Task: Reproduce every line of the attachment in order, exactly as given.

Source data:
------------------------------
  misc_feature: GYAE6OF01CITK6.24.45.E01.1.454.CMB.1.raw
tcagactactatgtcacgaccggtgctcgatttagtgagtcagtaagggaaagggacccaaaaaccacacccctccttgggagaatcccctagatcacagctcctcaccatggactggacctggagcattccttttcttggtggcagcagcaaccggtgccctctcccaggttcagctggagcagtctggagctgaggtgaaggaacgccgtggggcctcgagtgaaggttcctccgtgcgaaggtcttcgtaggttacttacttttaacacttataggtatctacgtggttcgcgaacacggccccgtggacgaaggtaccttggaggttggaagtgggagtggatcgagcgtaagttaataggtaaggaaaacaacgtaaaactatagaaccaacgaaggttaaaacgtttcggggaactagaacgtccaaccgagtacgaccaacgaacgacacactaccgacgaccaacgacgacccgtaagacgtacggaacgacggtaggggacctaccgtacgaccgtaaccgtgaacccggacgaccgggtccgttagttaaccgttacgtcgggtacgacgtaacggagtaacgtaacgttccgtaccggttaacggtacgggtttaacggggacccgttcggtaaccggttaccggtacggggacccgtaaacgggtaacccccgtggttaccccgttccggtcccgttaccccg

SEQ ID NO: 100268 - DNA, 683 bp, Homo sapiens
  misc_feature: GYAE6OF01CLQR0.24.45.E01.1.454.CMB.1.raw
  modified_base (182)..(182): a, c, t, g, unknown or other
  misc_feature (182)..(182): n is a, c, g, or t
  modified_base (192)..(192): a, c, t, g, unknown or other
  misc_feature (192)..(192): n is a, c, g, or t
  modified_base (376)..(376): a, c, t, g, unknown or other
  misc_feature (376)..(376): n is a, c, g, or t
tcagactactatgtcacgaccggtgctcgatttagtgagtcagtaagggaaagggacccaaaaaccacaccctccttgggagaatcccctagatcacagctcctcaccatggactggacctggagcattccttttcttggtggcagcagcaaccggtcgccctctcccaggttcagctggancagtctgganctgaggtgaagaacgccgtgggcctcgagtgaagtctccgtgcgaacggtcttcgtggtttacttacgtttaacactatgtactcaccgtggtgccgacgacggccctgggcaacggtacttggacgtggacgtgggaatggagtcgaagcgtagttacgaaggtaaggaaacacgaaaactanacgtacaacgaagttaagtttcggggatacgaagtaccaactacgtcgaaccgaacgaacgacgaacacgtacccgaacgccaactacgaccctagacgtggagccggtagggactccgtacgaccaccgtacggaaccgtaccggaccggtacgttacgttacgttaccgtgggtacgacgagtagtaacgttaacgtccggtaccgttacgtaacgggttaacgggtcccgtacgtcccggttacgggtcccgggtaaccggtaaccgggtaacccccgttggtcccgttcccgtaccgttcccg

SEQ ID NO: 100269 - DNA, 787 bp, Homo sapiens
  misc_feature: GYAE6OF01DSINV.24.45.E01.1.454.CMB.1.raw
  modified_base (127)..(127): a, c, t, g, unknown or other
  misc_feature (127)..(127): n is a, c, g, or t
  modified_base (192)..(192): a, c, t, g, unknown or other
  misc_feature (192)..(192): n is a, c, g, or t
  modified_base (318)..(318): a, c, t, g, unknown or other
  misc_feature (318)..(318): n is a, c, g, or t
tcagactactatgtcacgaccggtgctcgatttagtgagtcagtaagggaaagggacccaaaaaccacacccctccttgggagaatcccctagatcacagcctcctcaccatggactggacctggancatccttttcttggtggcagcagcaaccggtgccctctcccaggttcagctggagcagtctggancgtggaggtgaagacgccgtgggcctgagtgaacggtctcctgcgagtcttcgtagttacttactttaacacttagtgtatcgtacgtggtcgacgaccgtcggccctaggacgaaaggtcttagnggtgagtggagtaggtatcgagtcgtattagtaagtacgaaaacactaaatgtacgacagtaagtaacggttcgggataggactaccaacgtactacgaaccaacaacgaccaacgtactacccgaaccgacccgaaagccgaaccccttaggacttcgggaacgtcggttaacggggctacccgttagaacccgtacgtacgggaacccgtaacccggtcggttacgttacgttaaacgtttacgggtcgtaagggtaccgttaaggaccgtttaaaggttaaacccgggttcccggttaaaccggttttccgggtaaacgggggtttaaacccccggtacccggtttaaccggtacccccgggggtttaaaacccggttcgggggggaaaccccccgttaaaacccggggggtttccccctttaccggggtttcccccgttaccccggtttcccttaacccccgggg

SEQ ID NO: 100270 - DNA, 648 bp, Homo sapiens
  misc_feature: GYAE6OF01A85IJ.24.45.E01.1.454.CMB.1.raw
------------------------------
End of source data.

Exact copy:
  misc_feature: GYAE6OF01CITK6.24.45.E01.1.454.CMB.1.raw
tcagactactatgtcacgaccggtgctcgatttagtgagtcagtaagggaaagggacccaaaaaccacacccctccttgggagaatcccctagatcacagctcctcaccatggactggacctggagcattccttttcttggtggcagcagcaaccggtgccctctcccaggttcagctggagcagtctggagctgaggtgaaggaacgccgtggggcctcgagtgaaggttcctccgtgcgaaggtcttcgtaggttacttacttttaacacttataggtatctacgtggttcgcgaacacggccccgtggacgaaggtaccttggaggttggaagtgggagtggatcgagcgtaagttaataggtaaggaaaacaacgtaaaactatagaaccaacgaaggttaaaacgtttcggggaactagaacgtccaaccgagtacgaccaacgaacgacacactaccgacgaccaacgacgacccgtaagacgtacggaacgacggtaggggacctaccgtacgaccgtaaccgtgaacccggacgaccgggtccgttagttaaccgttacgtcgggtacgacgtaacggagtaacgtaacgttccgtaccggttaacggtacgggtttaacggggacccgttcggtaaccggttaccggtacggggacccgtaaacgggtaacccccgtggttaccccgttccggtcccgttaccccg

SEQ ID NO: 100268 - DNA, 683 bp, Homo sapiens
  misc_feature: GYAE6OF01CLQR0.24.45.E01.1.454.CMB.1.raw
  modified_base (182)..(182): a, c, t, g, unknown or other
  misc_feature (182)..(182): n is a, c, g, or t
  modified_base (192)..(192): a, c, t, g, unknown or other
  misc_feature (192)..(192): n is a, c, g, or t
  modified_base (376)..(376): a, c, t, g, unknown or other
  misc_feature (376)..(376): n is a, c, g, or t
tcagactactatgtcacgaccggtgctcgatttagtgagtcagtaagggaaagggacccaaaaaccacaccctccttgggagaatcccctagatcacagctcctcaccatggactggacctggagcattccttttcttggtggcagcagcaaccggtcgccctctcccaggttcagctggancagtctgganctgaggtgaagaacgccgtgggcctcgagtgaagtctccgtgcgaacggtcttcgtggtttacttacgtttaacactatgtactcaccgtggtgccgacgacggccctgggcaacggtacttggacgtggacgtgggaatggagtcgaagcgtagttacgaaggtaaggaaacacgaaaactanacgtacaacgaagttaagtttcggggatacgaagtaccaactacgtcgaaccgaacgaacgacgaacacgtacccgaacgccaactacgaccctagacgtggagccggtagggactccgtacgaccaccgtacggaaccgtaccggaccggtacgttacgttacgttaccgtgggtacgacgagtagtaacgttaacgtccggtaccgttacgtaacgggttaacgggtcccgtacgtcccggttacgggtcccgggtaaccggtaaccgggtaacccccgttggtcccgttcccgtaccgttcccg

SEQ ID NO: 100269 - DNA, 787 bp, Homo sapiens
  misc_feature: GYAE6OF01DSINV.24.45.E01.1.454.CMB.1.raw
  modified_base (127)..(127): a, c, t, g, unknown or other
  misc_feature (127)..(127): n is a, c, g, or t
  modified_base (192)..(192): a, c, t, g, unknown or other
  misc_feature (192)..(192): n is a, c, g, or t
  modified_base (318)..(318): a, c, t, g, unknown or other
  misc_feature (318)..(318): n is a, c, g, or t
tcagactactatgtcacgaccggtgctcgatttagtgagtcagtaagggaaagggacccaaaaaccacacccctccttgggagaatcccctagatcacagcctcctcaccatggactggacctggancatccttttcttggtggcagcagcaaccggtgccctctcccaggttcagctggagcagtctggancgtggaggtgaagacgccgtgggcctgagtgaacggtctcctgcgagtcttcgtagttacttactttaacacttagtgtatcgtacgtggtcgacgaccgtcggccctaggacgaaaggtcttagnggtgagtggagtaggtatcgagtcgtattagtaagtacgaaaacactaaatgtacgacagtaagtaacggttcgggataggactaccaacgtactacgaaccaacaacgaccaacgtactacccgaaccgacccgaaagccgaaccccttaggacttcgggaacgtcggttaacggggctacccgttagaacccgtacgtacgggaacccgtaacccggtcggttacgttacgttaaacgtttacgggtcgtaagggtaccgttaaggaccgtttaaaggttaaacccgggttcccggttaaaccggttttccgggtaaacgggggtttaaacccccggtacccggtttaaccggtacccccgggggtttaaaacccggttcgggggggaaaccccccgttaaaacccggggggtttccccctttaccggggtttcccccgttaccccggtttcccttaacccccgggg

SEQ ID NO: 100270 - DNA, 648 bp, Homo sapiens
  misc_feature: GYAE6OF01A85IJ.24.45.E01.1.454.CMB.1.raw